Head Men's Basketball Coach – Pratt Cannoneers
I’ve been meaning to write about Jesper Fast of the New York Rangers for about two weeks now, since I read this excellent article about him in The New York Times.
On top of having a terrific last name for a player who bases his game on speed, grit and grind, Fast proved to be a valuable and ever-improving member of the Rangers’ offense as they progressed within a game of the Stanley Cup Finals.
As Game 3 of the NBA Finals gets underway, it’s hard not to find similarities in Matthew Dellavedova of the Cleveland Cavaliers. Neither player is listed first on the stat sheet or the media wish list. They just work hard, do their job and win games for their teams.
They are the ultimate role players.
Certainly we can’t discredit the effect LeBron James’ triple-double had on the Cavaliers win in Game 2 of the Finals, but I think we can safely say that the Cavs are headed back to Cleveland down 0-2 if not for their Australian point guard. His offensive rebound and free throws provided the margin of victory and defensively he held Steph Curry to his least efficient game in a very long time.
And like the NY Times article write about Fast, he doesn’t necessarily score all the goals, but just slightly out of the camera frame, he’s the hardest working skater who is pivotal in setting up the goal. If Rangers’ coach Alain Vignault doesn’t promote Fast to the second line, the Blueshirts are probably sent home and golfing way earlier. Fast and his line contributed three of the most crucial goals of the squad’s come from behind series win over the Washington Capitals.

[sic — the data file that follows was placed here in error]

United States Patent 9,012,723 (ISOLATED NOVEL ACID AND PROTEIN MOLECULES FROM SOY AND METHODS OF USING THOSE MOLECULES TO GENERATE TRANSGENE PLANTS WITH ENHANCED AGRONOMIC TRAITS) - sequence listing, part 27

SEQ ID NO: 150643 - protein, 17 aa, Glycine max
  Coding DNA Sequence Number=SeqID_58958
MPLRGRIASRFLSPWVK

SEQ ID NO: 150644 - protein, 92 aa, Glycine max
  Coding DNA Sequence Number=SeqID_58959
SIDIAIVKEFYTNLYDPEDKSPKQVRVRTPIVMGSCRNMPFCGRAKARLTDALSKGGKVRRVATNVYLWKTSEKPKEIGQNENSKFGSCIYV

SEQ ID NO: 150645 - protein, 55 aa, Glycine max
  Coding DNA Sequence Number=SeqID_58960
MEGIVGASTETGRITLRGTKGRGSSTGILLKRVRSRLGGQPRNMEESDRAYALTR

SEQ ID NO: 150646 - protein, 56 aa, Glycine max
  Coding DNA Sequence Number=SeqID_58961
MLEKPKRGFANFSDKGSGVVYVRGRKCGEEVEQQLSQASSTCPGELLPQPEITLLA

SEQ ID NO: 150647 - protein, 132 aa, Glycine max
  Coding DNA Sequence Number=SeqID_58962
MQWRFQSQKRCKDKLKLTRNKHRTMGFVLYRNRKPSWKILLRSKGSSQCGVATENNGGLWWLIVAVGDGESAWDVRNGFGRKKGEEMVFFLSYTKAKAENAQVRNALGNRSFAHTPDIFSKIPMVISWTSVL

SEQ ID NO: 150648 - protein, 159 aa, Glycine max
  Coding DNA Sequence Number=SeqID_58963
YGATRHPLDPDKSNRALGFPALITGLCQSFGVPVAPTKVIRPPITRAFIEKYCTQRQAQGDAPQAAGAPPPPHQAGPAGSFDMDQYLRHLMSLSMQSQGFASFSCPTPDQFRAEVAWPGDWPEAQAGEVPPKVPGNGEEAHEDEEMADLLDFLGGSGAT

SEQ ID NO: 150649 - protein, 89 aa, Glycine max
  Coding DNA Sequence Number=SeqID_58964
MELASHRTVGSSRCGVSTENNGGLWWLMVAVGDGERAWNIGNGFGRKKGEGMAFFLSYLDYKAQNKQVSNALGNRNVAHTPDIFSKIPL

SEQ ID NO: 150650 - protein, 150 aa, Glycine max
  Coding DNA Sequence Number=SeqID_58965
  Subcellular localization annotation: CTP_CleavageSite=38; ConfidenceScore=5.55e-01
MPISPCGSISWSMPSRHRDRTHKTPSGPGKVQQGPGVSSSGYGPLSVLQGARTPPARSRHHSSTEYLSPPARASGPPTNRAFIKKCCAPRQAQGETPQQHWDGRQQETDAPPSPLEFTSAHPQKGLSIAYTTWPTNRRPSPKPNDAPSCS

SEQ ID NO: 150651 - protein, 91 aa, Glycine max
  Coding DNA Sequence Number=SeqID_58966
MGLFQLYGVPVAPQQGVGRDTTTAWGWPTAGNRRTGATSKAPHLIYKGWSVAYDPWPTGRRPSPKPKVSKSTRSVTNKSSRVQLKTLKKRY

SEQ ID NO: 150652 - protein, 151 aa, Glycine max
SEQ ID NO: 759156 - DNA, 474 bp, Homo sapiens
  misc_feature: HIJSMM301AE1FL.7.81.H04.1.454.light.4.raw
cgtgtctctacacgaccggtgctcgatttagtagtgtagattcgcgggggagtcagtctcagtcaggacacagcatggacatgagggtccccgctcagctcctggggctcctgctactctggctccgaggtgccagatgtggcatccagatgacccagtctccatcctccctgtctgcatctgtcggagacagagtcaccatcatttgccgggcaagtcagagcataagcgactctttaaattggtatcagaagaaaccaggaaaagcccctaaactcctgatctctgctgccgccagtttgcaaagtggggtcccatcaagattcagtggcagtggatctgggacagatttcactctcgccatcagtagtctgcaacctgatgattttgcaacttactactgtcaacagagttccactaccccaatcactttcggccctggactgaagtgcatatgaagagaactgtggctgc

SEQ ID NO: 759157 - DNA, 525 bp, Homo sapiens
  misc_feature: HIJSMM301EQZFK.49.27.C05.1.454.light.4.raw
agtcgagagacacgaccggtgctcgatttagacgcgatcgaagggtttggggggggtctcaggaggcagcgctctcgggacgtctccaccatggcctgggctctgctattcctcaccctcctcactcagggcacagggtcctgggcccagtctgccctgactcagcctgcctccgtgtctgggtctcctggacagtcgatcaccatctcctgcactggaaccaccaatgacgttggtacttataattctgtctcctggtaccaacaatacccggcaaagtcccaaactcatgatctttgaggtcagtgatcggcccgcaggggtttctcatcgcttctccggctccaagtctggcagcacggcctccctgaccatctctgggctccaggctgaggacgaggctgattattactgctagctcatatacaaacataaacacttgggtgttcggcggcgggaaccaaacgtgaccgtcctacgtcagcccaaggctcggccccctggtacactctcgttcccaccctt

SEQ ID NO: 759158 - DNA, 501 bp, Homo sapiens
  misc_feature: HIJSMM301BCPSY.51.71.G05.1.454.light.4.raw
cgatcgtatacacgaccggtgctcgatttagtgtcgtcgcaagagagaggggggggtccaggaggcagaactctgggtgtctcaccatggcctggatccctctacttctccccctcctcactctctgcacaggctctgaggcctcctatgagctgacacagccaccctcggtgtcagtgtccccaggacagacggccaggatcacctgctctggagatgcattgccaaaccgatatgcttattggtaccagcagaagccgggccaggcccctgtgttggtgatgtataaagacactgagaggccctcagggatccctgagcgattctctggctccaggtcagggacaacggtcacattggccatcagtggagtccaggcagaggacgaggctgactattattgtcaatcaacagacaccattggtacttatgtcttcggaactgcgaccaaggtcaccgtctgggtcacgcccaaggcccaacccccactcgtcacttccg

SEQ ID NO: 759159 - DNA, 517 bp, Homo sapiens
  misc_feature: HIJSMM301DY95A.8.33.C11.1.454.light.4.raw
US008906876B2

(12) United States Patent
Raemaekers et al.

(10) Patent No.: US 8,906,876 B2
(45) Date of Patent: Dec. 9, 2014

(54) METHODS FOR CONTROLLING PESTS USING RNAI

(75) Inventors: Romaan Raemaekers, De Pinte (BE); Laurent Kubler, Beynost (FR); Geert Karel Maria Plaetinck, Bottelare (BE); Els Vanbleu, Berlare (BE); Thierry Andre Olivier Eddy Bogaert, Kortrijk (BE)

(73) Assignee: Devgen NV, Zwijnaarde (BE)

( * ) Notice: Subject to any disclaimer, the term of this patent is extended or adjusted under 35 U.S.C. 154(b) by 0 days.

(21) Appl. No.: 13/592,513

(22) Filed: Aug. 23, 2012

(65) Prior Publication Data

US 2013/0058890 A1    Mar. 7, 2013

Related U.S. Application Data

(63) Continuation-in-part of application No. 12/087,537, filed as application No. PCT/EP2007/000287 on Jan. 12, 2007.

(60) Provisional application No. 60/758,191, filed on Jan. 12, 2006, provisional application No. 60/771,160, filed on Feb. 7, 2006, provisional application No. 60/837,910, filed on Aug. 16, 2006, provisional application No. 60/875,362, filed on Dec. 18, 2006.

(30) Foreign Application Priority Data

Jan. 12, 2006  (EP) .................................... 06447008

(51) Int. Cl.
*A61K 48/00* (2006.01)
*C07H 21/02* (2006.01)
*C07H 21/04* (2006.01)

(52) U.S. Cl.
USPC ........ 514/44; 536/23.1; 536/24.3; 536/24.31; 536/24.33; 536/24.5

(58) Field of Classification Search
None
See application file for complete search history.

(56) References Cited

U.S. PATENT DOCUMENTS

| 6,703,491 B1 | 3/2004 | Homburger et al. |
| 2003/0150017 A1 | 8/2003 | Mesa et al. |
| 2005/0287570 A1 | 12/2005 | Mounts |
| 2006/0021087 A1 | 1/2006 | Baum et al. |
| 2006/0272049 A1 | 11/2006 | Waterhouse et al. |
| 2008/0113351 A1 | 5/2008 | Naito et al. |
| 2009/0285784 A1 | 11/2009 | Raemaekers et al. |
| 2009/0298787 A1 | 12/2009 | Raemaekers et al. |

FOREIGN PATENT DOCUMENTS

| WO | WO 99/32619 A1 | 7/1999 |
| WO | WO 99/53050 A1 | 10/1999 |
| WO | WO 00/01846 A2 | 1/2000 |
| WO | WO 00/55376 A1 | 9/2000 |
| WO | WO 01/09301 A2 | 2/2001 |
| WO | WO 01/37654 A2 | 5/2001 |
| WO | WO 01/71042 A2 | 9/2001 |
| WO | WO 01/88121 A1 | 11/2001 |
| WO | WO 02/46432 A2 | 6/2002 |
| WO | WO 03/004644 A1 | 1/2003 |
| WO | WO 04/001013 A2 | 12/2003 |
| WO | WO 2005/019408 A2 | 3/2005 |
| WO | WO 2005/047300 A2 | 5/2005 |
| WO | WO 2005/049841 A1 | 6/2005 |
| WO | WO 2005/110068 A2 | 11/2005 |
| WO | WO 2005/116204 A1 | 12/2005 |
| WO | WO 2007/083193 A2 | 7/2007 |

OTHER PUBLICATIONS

Players like Fast and Dellavedova don’t get the press that they deserve. Sure, the New York Times will write one article on you or the NBA on ESPN folks will fawn over the gritty, hard working backup point guard once Kyrie Irving is injured, but in general glue-guys and role players need more recognition.
I’m as guilty of it as any one. I fawned over LeBron and Steph, breaking down their top 10 highlights from the playoffs. But it would be phony of me to not recognize these role players, seeing as how much we harp at Bard about empowering every player, starter or third-string, to go out and make players.
Everybody pretends to be LeBron James or Kobe Bryant in their driveway growing up, but maybe it’s time for kids to work on being Matthew Dellavedova. He’s almost as valuable, in a different way.
So here’s to Jesper Fast and Matthew Dellavedova, the ultimate role player.